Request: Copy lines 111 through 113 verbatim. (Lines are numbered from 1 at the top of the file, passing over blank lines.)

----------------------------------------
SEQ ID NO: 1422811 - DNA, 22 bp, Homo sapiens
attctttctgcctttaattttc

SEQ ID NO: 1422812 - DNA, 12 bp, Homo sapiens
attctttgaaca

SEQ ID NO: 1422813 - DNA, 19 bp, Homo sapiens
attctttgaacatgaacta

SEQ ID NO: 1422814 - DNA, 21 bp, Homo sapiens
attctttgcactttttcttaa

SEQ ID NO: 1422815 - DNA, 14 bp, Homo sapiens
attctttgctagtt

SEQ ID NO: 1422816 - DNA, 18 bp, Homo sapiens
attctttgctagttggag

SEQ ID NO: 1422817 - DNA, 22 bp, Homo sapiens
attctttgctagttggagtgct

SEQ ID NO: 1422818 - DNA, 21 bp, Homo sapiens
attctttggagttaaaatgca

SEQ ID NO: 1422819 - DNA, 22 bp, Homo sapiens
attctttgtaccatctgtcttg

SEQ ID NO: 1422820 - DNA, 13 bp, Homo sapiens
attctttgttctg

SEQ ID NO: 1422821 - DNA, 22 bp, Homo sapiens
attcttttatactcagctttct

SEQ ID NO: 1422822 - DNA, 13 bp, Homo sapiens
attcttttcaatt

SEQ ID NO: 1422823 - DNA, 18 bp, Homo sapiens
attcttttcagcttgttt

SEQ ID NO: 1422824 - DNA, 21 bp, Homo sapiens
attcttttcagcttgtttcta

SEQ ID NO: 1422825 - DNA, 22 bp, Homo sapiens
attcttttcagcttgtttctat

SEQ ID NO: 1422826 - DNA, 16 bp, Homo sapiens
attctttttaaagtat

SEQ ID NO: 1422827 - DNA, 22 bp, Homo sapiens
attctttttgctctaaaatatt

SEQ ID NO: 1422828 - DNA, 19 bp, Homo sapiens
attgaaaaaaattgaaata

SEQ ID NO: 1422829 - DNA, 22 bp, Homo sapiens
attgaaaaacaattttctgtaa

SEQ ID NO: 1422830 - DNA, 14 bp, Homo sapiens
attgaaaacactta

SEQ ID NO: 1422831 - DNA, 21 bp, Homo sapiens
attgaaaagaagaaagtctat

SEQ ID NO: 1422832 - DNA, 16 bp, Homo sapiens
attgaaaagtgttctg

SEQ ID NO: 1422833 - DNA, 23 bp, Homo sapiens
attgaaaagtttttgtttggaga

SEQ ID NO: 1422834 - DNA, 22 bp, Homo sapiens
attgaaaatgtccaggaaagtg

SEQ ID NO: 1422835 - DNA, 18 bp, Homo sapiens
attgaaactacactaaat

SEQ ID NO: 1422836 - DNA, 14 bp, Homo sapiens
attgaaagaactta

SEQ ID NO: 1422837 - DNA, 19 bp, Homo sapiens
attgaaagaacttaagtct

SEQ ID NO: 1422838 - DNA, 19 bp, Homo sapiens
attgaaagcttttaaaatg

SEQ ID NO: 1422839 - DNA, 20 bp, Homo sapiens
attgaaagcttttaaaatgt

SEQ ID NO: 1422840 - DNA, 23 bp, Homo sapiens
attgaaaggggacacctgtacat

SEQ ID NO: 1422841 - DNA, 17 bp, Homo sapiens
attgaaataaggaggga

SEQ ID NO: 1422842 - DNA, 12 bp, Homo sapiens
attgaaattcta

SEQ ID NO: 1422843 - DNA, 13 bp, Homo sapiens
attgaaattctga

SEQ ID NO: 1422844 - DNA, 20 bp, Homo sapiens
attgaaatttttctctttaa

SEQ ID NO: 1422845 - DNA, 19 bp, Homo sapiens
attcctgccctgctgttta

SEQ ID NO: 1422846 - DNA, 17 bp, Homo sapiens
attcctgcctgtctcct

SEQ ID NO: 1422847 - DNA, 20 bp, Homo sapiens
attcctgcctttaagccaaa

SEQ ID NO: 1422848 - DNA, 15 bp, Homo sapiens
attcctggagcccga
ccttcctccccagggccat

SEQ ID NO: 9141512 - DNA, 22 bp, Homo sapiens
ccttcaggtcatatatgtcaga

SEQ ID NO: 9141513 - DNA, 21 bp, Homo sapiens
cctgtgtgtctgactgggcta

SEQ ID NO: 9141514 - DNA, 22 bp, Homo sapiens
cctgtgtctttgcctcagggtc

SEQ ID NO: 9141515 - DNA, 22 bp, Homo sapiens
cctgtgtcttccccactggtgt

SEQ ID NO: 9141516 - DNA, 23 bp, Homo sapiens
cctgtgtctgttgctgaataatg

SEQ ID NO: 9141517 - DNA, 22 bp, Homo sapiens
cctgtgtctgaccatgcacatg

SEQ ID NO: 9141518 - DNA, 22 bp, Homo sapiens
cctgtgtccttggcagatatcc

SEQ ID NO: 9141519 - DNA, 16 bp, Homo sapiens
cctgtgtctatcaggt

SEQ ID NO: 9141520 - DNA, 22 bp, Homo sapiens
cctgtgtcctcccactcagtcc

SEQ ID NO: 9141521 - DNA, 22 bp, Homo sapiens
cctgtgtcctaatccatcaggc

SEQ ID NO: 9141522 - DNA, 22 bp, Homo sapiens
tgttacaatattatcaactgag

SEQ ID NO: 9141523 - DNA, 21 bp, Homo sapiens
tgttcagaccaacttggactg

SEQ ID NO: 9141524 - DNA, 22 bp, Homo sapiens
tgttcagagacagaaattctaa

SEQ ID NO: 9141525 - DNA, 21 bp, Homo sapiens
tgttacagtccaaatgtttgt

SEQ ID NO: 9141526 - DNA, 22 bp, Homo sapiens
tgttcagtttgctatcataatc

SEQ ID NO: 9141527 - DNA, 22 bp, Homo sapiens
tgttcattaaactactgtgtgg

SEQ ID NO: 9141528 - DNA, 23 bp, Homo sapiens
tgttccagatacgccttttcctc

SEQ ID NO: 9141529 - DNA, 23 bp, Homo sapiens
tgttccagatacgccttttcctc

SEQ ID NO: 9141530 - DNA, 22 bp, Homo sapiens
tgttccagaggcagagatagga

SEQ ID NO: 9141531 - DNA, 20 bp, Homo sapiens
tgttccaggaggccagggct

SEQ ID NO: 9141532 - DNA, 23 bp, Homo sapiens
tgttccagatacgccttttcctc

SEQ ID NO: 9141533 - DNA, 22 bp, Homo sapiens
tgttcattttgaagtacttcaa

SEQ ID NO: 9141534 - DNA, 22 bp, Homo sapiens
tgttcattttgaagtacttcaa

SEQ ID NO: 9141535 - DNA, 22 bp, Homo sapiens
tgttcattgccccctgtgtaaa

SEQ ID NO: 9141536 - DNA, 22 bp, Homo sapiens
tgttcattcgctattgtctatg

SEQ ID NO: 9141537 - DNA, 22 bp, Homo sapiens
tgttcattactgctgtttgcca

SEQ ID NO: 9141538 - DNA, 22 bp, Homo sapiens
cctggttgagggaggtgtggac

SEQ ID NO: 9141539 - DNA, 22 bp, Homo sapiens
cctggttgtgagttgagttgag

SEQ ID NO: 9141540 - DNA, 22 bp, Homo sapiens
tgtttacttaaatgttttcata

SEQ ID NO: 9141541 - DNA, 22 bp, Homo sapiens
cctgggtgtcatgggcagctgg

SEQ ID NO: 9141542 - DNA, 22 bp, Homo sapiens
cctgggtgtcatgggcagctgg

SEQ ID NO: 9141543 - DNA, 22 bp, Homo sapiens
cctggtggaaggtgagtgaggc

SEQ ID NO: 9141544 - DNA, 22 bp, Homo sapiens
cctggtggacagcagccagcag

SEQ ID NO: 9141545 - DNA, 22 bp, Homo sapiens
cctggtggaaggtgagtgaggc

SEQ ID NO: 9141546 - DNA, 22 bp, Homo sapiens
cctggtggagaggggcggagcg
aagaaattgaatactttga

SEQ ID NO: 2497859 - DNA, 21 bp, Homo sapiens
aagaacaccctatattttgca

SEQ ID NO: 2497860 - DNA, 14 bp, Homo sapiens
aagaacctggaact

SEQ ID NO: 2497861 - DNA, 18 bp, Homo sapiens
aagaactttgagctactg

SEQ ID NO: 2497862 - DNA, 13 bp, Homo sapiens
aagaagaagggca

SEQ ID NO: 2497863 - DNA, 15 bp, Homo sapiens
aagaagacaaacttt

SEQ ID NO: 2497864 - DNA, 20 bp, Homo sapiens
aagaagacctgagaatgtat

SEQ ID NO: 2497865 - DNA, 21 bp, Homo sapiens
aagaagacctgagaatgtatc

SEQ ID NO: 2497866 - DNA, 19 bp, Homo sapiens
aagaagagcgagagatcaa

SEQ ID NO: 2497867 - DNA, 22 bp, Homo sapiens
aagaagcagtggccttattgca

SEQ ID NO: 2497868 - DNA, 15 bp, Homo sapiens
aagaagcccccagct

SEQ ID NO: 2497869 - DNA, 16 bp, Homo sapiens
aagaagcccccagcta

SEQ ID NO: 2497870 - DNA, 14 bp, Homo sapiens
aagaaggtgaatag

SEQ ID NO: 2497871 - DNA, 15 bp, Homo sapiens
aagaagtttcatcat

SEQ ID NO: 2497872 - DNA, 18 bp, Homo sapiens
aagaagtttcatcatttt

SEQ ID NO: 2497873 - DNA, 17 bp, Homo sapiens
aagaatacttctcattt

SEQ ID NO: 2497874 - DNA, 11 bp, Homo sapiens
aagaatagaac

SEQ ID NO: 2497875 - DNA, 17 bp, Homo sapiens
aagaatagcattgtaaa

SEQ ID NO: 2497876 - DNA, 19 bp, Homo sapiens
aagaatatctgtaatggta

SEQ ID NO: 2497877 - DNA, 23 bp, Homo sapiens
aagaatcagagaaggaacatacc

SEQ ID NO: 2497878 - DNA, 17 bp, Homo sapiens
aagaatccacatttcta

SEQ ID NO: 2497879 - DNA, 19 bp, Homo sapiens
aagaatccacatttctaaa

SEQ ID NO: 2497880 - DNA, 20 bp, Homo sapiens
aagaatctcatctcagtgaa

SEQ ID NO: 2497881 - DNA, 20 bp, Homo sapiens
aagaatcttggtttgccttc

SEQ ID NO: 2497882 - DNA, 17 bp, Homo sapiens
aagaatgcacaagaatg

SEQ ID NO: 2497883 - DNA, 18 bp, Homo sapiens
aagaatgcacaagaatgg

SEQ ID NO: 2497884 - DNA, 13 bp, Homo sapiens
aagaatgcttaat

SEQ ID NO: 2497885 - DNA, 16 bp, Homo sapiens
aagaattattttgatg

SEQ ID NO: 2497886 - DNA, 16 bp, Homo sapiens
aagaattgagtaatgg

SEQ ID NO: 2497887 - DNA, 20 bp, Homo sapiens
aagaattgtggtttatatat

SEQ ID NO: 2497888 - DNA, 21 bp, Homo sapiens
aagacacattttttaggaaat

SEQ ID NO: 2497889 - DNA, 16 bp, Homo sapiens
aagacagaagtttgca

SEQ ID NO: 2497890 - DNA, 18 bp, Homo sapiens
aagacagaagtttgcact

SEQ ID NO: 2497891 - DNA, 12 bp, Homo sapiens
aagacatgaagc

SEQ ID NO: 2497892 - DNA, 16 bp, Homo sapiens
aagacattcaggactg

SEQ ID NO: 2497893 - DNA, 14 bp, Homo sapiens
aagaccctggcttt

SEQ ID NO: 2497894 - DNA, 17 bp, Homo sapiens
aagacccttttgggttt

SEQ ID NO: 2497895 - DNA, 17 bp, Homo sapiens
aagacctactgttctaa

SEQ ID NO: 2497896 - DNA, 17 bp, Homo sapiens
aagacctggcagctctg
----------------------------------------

tgttccagatacgccttttcctc

SEQ ID NO: 9141529 - DNA, 23 bp, Homo sapiens
tgttccagatacgccttttcctc